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The mysteries of a national carrier

Posted Date: Wednesday, 18-Jul-2012

PHNOM PENH- There is very little to say about Cambodia Angkor Air (CAA) beside the fact that most clients probably will even not remember the name of the carrier. Since July 2009, CAA is officially the national carrier of the Kingdom of Cambodia, a carrier born thanks to an agreement setting a joint venture between the Cambodian State (51%) and Vietnam Airlines (49 %). The airline is in reality a proxy of the Vietnamese national carrier Vietnam Airlines. The four aircraft in the fleet –ATR 72 and Airbus A321- come from Vietnam and all the management is Vietnamese. Mr. Trinh Ngoc Thanh, CAA current Chairman and CEO is at the same time Executive Vice President of Vietnam Airlines.

Looking at CAA network, the airline serves only three cities out of Siem Reap: Phnom Penh, Sihanoukville and Ho Chi Minh City. Despite promising at the beginning to serve more international destinations with one or two years- they were rumours about Bangkok, Singapore and China soon to be added. By mid-2012, the network looks basically the same than in 2010, Sihanoukville excepted. The route serving Cambodia’s largest seaside resort was in fact requested by the government to set up a proper air connection to what is considered as Cambodia’s third largest destination.

Is CAA lacking willingness to raise the Cambodian flag in air transport? CAA offers per month on the Cambodian market 21,652 seats on 354 flights. This is just 12.6% of the total available seats for all airlines serving the Kingdom (the equivalent of 273,860 seats according to IATA SRS Analyser).

The problem might hang to the structure of the carrier itself. As a ‘child’ of another national carrier- and just neighbour-, there is of course very little incentive for Vietnam Airlines to develop its subsidiary into a fully fledged carrier. Better to then let CAA serving as a feeder to Vietnam Airlines’ own hub in Ho Chi Minh City. There is certainly a rational behind this strategy from a strictly financial point of view. Cambodia is too small to certainly have a large airline serving many destinations. But there is definitely a niche for a carrier linking the Cambodian Kingdom to regional destinations. Today Phnom Penh still lacks flights to important cities such as Jakarta or Manila in the ASEAN or even to Tokyo, despite the fact that Japanese tourists are among the top 5 largest incoming markets to the Kingdom.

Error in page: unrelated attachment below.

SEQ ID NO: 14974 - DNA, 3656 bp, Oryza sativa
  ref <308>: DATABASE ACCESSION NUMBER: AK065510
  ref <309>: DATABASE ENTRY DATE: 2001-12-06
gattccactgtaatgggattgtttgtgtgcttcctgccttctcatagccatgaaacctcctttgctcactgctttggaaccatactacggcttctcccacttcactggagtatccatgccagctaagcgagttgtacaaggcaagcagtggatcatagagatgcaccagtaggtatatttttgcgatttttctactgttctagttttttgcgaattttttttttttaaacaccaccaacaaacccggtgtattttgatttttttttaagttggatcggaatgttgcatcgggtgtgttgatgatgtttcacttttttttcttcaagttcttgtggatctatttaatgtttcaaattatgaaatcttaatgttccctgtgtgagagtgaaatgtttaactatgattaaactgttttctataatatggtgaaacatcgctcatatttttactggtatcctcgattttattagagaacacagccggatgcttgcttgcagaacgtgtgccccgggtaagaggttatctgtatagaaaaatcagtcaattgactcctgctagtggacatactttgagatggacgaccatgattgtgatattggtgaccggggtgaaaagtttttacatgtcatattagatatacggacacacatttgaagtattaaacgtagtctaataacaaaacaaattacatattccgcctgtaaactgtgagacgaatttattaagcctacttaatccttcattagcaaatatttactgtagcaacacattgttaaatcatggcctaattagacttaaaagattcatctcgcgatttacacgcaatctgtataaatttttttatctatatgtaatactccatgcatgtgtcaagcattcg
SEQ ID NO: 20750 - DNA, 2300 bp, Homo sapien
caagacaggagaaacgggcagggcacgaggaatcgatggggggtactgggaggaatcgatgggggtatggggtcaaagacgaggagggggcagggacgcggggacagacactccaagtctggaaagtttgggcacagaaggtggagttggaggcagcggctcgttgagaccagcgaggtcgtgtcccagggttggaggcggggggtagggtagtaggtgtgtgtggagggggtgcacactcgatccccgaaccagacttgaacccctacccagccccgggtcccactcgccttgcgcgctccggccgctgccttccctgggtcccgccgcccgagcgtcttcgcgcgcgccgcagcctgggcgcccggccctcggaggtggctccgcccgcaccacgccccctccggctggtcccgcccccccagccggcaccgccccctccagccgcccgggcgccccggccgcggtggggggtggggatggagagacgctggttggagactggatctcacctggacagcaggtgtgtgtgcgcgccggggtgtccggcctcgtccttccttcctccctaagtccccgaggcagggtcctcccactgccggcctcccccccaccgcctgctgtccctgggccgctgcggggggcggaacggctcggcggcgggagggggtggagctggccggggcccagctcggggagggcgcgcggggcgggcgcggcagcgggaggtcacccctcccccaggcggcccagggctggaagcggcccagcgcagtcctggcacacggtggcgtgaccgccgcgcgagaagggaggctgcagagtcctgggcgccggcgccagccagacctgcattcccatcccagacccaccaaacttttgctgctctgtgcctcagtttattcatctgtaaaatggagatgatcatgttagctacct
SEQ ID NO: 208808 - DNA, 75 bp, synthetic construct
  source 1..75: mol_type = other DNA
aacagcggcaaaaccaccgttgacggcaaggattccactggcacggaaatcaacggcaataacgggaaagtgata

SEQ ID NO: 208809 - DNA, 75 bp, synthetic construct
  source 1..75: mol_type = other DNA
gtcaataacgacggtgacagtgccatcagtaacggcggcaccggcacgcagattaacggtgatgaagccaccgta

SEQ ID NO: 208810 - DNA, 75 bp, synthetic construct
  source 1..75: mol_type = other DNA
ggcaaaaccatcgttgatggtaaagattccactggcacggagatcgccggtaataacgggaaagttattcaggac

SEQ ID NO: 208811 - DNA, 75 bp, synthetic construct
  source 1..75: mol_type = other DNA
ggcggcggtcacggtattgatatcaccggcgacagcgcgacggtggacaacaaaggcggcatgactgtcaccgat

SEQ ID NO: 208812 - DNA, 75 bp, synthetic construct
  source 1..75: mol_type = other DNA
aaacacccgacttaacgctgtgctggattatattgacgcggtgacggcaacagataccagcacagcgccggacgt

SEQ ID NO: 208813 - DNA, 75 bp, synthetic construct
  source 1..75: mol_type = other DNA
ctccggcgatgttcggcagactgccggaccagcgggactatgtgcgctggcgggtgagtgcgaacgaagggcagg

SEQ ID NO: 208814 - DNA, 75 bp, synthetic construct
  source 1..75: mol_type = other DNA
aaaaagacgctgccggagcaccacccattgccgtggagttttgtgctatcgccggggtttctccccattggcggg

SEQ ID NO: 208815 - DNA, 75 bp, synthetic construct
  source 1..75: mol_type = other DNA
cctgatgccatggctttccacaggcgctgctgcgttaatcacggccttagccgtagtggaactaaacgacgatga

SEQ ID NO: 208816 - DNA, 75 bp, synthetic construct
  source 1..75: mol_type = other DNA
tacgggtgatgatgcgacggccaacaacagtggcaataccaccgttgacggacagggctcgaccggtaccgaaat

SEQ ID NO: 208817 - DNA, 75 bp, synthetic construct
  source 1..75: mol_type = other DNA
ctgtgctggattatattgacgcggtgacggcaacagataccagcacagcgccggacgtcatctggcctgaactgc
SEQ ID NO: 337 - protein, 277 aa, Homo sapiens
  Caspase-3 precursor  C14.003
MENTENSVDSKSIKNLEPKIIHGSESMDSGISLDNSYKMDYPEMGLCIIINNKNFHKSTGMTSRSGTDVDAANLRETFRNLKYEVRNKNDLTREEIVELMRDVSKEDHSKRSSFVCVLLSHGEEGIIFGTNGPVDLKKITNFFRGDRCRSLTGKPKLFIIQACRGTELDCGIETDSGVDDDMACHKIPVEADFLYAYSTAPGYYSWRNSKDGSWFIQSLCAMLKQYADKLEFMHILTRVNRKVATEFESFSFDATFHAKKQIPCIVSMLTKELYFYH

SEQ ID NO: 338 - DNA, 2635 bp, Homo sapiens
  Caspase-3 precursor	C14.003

Cambodia’s national carrier is then probably the only one in Asia not to have been created to serve the needs of its country. The question is now to understand why such an airline has been created… The Kingdom has also two other private Cambodian carriers (Tonle Sap Airways and Skyways Asia Airlines) offering flights to Korea, Taiwan and Mainland China. Merging the three of them would have given to Cambodia a chance to also better market its image. But this will not happen and there is little chance that CAA serves one day the purpose for which it was supposedly created.

Sourced: traveldailynews

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